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Caity Nowosatka


A Pink Ribbon

He was wise, spreading intelligence through us all little by little. Not a sunny warm day or a cold icy one passed without him trying to make the best of it. He believed in all of us his four kids, eleven grandkids and twenty five great grandkids. He was my great-grandfather and that he was.

It was a warm day, the sun glistening outside while I rode in my grandfathers white truck, bouncing up and down the whole way to the store. I listened to him talk, going on and on about the good old days and laughing to himself about the memories he deeply missed. There wasnít a thing in the world that my grandfather didnít have a story about, his mouth was always running. You never saw the mood he was in by his eyes, or his facial expression you always knew by the story he was telling.

We reached the store and entered, looking for specific items that grandmother had written down for cookies. Making a list was the only way to ensure us coming home without the entire store. As we roamed up and down the asiles, stopping and talking to people of course. I came a across and pink ribbon. I hung down from a rack, my eyes opened wipe taking in the color of my fairytale dreams. I wanted it. Grandfather saw the wide eye expression, but pulled me away telling me that grandmother would have a fit if we ventured from the list. Still the thought of that ribbon turned in my mind.

As the mouths passed, Christmas seemed right around the corner. Gathering at Grandfathers house was the greatest tradition, walking in to food galore and many relatives greeting you with warm hugs. Present time came soon. Every little kid giddy as can be, wondering what we all had behind the thick paper that grandmother wrapped with. As the presents were spread about, I noticed something on mine. A pink ribbon tied in the perfect bow lay on my box. It was the ribbon from the store. Years passed and every Christmas I would have a perfect pink bow placed on my present, and in my card it always said and ďA little extra present to my granddaughter whose world is colored pink.Ē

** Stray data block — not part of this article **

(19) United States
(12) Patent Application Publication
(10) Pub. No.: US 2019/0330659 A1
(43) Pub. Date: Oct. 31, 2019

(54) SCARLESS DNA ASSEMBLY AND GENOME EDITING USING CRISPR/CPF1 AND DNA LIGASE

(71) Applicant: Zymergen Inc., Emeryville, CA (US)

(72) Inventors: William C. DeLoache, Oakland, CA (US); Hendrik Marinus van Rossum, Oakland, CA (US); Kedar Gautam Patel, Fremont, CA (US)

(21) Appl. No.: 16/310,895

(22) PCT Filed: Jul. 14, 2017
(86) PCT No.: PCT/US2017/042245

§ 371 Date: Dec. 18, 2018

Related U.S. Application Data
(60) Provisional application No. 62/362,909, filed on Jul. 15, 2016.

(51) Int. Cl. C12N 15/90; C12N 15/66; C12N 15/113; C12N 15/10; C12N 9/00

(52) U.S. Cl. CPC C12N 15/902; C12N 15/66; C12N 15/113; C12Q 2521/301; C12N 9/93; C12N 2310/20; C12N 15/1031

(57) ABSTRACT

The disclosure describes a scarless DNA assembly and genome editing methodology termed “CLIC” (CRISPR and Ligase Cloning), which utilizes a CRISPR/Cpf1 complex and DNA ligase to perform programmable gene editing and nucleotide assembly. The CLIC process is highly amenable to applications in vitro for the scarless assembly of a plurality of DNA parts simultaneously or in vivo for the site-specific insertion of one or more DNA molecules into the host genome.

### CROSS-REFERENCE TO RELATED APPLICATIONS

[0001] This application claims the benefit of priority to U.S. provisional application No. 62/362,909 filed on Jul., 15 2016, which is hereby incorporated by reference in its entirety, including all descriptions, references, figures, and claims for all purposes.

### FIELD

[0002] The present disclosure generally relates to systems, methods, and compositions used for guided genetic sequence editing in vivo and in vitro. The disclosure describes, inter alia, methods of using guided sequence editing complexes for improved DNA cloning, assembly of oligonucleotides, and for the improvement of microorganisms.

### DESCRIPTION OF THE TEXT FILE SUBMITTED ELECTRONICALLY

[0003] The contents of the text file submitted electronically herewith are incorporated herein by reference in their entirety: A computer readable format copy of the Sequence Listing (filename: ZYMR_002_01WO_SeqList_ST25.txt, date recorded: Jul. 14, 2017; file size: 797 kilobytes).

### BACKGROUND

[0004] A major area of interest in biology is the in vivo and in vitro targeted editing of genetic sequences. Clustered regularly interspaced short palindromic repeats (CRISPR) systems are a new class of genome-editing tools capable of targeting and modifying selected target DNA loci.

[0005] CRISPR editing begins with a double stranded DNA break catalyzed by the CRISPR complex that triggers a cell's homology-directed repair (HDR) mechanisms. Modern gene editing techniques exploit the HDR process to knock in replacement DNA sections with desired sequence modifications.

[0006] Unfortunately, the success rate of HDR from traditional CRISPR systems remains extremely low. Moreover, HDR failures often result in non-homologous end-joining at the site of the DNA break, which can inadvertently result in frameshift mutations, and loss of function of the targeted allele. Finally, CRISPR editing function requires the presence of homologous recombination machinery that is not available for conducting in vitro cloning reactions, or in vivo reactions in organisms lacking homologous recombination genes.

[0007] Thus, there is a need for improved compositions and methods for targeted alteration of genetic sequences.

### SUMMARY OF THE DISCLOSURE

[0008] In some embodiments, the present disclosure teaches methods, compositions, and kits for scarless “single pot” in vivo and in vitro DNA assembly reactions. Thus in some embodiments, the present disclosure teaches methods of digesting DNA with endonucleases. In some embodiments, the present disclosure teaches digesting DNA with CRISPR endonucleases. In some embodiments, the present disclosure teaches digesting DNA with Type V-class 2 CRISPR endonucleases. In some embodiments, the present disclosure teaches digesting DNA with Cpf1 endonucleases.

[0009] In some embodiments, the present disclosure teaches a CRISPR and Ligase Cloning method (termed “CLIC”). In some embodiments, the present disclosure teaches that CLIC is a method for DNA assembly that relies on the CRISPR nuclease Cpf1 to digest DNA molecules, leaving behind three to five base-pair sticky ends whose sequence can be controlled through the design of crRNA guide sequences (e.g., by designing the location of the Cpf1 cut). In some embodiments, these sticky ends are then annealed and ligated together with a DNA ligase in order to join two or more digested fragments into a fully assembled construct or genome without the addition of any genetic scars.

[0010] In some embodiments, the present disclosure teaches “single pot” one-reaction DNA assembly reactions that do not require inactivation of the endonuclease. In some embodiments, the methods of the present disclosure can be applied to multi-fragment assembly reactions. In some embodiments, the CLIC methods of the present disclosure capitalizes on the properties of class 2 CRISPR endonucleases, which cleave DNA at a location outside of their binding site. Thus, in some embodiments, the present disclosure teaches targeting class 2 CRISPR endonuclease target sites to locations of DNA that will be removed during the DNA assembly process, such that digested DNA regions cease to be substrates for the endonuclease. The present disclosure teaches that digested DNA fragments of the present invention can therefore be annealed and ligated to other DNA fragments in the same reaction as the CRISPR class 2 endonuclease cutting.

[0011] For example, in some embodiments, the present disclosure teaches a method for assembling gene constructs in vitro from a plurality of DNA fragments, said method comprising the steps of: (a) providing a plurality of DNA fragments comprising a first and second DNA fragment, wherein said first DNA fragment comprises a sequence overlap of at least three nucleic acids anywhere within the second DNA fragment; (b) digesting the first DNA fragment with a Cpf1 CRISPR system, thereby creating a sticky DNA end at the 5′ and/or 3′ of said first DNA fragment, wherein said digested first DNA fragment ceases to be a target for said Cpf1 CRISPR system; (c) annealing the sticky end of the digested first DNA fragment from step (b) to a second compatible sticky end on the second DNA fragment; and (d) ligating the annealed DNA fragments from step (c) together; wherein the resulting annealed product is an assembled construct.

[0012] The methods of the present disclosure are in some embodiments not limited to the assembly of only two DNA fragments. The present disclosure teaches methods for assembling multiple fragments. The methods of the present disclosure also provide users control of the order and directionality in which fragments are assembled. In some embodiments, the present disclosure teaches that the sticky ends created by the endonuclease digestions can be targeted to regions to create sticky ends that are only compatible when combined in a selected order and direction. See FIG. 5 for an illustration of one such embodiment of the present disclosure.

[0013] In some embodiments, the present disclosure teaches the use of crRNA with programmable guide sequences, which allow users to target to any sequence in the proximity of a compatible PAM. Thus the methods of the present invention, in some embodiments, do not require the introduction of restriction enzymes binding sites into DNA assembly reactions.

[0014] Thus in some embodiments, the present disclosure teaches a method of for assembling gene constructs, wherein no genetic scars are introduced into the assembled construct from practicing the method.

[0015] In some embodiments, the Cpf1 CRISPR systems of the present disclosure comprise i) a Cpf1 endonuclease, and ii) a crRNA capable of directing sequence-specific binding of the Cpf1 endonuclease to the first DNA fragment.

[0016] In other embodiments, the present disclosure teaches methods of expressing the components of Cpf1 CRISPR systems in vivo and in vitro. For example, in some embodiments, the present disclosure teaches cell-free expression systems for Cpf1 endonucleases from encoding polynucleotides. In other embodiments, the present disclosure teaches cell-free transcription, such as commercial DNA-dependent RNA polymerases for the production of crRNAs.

As my sixth grade year pasted around grandfather was becoming ill. His body thinned and his voice much softer but his vibrant stories stayed. He got worst and worst, and Christmas was still six months away. He knew. He knew he wasnít going to make it. I entered his room on a Thursday the sun shinning bright in threw the windows. He wasnít talking this time. As I approached him his eyes opened and gave me a small quiet smile. With all the strength he had left he reached for my hand pulling it close. Then I felt the touch, a touch so soft and small. A ribbon, a pink ribbon lay in my hand. I looked at him with teary eyes, inside his mind he was telling many stories, but on the outside the ribbon told me everything I needed to hear.

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